Heriot-Watt University is working with a number of stakeholders in Edinburgh who have joined forces to increase the educational opportunities open to people who have spent time in care.
The HUB for SUCCESS project, which will be officially launched this week, was set up to tackle the trend of care experienced people leaving school at a young age and with few qualifications.
Figures show 73 per cent of care experienced young people will leave school at the minimum age - 16 or before - compared with 27 per cent of all school leavers, and six per cent go directly from school to university compared with 41 per cent of all school leavers.
Retention rates for care experienced students at both university and college are below average, with completion rates for FE college courses for care experienced students being a particular issue; only 57.9 per cent of those studying in 2016-17 completed their qualification, compared to 73.2 per cent of those without care experience.
The HUB for SUCCESS (Support for University and College for Care Experienced in South-East Scotland) operates from the City of Edinburgh Council Customer Hub in the Royal Mile. It provides individual information and advice on education opportunities, accommodation and finance, both on a drop-in basis and by making home/campus visits.
It has already helped 28 care experienced people, providing impartial, up-to-date advice on the best pathways to their education with a specific aim of increasing retention. It will work in partnership with city schools to develop targeted projects to raise the expectations and awareness of primary school children who are care experienced. The Hub aims to work with care experienced people of all ages.
The Hub's core partners are Heriot-Watt University, Edinburgh Napier University, the University of Edinburgh, Queen Margaret University, the Open University in Scotland, Edinburgh College, Newbattle Abbey College and City of Edinburgh Council, and the project has been developed in consultation with Who Cares? Scotland, The Prince's Trust and surrounding local authorities with the aim of identifying people who would benefit from support and encouragement to fulfil their potential.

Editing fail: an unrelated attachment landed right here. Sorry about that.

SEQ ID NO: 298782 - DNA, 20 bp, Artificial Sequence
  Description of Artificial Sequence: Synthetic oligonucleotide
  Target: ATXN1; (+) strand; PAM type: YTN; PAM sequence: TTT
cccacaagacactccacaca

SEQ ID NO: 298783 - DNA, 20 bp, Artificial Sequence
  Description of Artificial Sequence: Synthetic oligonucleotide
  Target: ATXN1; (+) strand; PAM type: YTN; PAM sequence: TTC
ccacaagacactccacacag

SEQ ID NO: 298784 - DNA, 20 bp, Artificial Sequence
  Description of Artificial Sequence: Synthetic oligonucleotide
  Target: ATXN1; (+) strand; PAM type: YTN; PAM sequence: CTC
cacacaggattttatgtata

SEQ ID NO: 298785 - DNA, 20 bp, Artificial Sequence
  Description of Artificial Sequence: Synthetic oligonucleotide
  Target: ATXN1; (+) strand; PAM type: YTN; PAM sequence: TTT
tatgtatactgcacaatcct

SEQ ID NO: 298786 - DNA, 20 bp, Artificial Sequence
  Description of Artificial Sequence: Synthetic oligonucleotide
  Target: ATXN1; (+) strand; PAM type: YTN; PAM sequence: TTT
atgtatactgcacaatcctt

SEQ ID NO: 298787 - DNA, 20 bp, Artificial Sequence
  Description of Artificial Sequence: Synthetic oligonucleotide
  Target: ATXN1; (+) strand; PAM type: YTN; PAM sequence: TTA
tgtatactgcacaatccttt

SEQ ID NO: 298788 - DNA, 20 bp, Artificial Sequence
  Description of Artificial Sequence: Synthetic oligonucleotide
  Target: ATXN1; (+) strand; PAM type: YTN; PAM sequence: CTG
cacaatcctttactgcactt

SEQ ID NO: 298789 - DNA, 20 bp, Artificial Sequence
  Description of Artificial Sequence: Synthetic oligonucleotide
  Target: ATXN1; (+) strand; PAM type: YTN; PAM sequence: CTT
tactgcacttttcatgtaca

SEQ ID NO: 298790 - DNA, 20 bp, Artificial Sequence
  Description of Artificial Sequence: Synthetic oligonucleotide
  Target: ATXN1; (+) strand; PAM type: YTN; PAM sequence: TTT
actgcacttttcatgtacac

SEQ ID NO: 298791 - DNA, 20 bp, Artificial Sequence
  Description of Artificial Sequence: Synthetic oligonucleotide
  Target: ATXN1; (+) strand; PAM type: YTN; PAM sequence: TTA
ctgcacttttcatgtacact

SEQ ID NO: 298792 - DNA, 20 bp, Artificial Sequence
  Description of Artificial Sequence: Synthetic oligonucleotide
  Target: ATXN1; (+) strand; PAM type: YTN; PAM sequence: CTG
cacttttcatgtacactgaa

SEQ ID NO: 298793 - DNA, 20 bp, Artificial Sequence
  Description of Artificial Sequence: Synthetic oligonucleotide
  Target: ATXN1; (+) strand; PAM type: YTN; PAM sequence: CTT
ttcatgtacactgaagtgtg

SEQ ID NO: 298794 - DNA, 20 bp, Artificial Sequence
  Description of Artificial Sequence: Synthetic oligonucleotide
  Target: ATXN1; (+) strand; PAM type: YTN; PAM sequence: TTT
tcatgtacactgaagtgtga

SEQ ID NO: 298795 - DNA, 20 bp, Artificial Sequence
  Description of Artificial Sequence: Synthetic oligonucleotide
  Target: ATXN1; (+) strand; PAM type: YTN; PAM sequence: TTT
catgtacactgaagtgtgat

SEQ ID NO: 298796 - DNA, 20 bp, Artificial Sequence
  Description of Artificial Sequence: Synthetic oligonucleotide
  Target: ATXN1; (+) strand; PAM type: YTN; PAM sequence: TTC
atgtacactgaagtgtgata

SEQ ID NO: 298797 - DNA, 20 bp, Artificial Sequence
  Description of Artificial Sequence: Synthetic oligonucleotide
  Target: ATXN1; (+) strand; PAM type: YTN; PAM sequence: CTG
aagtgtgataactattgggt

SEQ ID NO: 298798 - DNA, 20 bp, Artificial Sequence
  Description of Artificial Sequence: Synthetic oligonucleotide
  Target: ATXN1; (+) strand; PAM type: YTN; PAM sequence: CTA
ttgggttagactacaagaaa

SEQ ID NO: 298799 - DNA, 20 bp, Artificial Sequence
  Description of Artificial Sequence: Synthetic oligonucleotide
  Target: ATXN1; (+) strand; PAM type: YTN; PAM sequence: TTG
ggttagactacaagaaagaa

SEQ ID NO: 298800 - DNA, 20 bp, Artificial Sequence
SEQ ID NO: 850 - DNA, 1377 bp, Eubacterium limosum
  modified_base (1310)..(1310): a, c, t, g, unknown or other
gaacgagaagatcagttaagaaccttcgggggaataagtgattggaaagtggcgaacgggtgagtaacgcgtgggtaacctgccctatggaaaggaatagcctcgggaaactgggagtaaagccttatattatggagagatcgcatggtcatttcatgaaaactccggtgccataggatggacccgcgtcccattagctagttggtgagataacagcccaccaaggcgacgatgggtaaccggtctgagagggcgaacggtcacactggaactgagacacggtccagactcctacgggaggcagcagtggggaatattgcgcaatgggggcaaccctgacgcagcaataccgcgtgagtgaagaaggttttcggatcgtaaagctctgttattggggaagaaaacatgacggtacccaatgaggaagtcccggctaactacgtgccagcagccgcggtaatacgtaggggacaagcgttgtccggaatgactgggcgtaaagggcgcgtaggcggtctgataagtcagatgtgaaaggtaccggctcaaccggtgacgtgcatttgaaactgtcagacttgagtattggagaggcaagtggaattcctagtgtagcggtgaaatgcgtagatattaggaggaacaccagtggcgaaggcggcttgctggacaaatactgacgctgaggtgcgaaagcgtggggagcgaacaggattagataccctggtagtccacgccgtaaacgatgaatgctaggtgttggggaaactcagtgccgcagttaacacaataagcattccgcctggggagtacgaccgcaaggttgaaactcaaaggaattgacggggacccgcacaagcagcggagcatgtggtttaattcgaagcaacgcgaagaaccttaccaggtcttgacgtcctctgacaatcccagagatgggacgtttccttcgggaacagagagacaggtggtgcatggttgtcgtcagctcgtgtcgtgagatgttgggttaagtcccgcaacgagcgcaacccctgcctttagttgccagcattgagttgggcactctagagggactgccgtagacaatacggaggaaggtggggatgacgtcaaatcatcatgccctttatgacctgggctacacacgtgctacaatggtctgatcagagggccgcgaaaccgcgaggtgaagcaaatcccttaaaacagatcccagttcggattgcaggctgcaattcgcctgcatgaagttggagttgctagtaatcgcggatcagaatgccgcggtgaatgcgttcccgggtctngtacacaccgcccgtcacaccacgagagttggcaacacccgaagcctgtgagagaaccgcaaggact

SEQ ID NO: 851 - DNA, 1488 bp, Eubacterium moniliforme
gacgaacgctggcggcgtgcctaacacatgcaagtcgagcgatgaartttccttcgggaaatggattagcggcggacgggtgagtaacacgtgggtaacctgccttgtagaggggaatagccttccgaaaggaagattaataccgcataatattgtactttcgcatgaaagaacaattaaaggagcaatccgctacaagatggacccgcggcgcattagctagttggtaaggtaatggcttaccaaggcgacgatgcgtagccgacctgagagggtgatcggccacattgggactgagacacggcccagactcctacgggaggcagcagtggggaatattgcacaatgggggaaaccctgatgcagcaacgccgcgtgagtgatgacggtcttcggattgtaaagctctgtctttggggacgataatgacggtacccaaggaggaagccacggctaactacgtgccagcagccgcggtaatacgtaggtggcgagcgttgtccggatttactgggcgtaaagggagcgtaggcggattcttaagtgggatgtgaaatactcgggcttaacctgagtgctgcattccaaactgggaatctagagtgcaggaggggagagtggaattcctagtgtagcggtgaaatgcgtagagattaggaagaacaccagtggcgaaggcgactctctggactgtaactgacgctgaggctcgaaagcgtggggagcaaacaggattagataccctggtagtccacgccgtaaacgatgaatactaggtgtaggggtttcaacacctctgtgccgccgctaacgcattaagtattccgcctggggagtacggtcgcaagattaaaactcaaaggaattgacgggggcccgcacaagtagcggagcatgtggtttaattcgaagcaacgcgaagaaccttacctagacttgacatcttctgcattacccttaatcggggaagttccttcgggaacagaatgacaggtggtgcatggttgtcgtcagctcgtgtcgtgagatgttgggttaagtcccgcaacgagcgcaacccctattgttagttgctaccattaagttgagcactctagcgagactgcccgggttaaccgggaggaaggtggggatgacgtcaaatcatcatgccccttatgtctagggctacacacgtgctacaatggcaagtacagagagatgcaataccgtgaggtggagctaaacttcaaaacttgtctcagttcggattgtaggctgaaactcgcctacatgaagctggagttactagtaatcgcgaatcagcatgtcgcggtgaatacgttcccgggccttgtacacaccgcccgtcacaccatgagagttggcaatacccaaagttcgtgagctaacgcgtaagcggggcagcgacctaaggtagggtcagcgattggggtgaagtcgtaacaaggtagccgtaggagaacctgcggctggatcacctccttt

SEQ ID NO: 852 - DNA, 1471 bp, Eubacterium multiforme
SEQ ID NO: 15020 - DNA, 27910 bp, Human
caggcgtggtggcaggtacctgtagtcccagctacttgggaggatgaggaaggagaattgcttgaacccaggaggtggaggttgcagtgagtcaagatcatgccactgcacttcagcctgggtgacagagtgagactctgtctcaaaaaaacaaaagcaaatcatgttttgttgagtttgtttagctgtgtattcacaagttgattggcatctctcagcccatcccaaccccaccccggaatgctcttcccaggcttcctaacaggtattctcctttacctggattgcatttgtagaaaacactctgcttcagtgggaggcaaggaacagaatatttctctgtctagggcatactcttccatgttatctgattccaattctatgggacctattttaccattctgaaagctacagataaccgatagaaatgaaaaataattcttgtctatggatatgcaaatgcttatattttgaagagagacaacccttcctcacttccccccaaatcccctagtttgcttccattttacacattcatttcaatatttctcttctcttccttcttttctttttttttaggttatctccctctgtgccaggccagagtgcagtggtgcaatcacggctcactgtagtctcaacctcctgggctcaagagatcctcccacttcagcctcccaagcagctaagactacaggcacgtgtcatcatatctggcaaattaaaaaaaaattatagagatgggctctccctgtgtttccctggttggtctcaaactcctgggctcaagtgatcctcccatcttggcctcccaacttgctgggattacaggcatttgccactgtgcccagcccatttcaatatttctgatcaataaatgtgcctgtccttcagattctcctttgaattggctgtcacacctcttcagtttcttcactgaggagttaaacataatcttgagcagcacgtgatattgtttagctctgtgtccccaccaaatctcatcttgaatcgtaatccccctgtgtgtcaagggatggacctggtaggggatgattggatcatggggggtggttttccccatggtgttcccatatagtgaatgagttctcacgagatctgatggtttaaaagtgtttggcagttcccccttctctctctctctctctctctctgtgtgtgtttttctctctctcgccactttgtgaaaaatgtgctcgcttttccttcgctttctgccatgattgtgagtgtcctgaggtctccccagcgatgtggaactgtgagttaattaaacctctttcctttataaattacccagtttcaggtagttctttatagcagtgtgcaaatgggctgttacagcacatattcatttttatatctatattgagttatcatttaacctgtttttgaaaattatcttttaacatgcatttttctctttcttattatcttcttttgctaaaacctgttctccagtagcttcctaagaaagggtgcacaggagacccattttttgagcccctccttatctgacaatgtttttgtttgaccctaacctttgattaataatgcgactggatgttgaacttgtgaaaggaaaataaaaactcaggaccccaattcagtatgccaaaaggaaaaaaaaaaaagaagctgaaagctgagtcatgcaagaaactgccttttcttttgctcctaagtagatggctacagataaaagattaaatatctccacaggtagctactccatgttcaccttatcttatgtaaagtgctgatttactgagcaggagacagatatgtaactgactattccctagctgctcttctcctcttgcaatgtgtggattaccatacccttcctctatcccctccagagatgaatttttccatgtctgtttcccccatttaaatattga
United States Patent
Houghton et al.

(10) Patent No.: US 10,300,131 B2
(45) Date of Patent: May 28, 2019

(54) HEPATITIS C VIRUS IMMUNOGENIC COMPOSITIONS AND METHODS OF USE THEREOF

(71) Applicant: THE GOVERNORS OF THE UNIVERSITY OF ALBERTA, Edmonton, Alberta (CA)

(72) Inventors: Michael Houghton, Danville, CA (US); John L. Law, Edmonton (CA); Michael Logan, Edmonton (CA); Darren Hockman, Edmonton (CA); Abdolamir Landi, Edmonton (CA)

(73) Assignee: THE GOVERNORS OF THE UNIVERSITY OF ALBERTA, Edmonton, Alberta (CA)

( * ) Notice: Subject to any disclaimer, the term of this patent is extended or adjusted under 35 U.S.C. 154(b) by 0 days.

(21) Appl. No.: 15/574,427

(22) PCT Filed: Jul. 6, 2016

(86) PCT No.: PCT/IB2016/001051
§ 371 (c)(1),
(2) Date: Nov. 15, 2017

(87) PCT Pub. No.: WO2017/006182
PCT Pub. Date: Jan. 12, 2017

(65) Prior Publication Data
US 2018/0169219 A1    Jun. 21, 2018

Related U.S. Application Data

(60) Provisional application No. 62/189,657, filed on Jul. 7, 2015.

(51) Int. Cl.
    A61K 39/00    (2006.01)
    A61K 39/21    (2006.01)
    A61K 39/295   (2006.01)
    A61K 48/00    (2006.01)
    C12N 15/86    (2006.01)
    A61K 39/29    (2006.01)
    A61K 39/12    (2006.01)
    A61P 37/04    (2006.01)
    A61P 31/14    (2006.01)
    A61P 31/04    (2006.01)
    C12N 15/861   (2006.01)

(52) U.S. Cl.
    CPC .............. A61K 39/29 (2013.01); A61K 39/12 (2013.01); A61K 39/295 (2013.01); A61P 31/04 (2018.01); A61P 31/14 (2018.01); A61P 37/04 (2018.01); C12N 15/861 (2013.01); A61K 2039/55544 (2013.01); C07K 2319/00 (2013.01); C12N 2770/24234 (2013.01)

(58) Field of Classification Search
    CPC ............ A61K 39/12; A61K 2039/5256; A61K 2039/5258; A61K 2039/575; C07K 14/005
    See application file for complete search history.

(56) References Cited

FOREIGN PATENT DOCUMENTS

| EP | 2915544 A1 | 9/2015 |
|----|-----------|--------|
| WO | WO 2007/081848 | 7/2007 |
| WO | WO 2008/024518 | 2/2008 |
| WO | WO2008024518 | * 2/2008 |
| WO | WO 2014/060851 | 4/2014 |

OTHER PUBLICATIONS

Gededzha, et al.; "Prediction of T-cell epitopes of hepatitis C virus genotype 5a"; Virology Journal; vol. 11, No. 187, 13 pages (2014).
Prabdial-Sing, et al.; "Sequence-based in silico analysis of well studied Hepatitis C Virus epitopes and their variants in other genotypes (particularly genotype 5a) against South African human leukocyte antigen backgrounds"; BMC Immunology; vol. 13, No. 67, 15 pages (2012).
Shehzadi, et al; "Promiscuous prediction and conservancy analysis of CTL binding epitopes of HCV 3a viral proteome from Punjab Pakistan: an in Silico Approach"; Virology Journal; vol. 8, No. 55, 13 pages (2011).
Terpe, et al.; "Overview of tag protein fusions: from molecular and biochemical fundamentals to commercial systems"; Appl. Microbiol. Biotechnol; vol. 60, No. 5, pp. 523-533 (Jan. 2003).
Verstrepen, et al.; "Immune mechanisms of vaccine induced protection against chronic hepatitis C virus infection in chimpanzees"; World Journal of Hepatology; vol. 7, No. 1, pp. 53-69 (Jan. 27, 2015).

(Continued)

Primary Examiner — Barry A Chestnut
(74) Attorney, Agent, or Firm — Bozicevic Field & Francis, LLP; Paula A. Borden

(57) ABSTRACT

Hub manager Lorraine Moore said: “Our feedback suggests the one-to-one support we offer has been hugely valued, by our younger care experienced learners and especially by people who have been out of school for some time.
“The Hub will help develop support networks for students prior to starting their course, as well as offering an informal environment where they can bring their concerns as they go through university or college.”
Cllr Alison Dickie, vice Convener for Education, Children and Families at the City of Edinburgh Council, said: “The Hub's success is a great example of education partners across the city coming together to improve the opportunities for our care experienced young people to get into university and college.
“As a Council we are determined to give them every opportunity to succeed in life and this project builds on the exciting work we are doing across the city to promote corporate parenting. We now have care experienced young people on our Champions Board and also employ two as participation officers who are reaching out to young people in Edinburgh.”
The initial costs of the project have been met by Heriot-Watt, Edinburgh Napier, the University of Edinburgh and the Scottish Children's Lottery providing an additional £35,000 through its Chance to Study programme.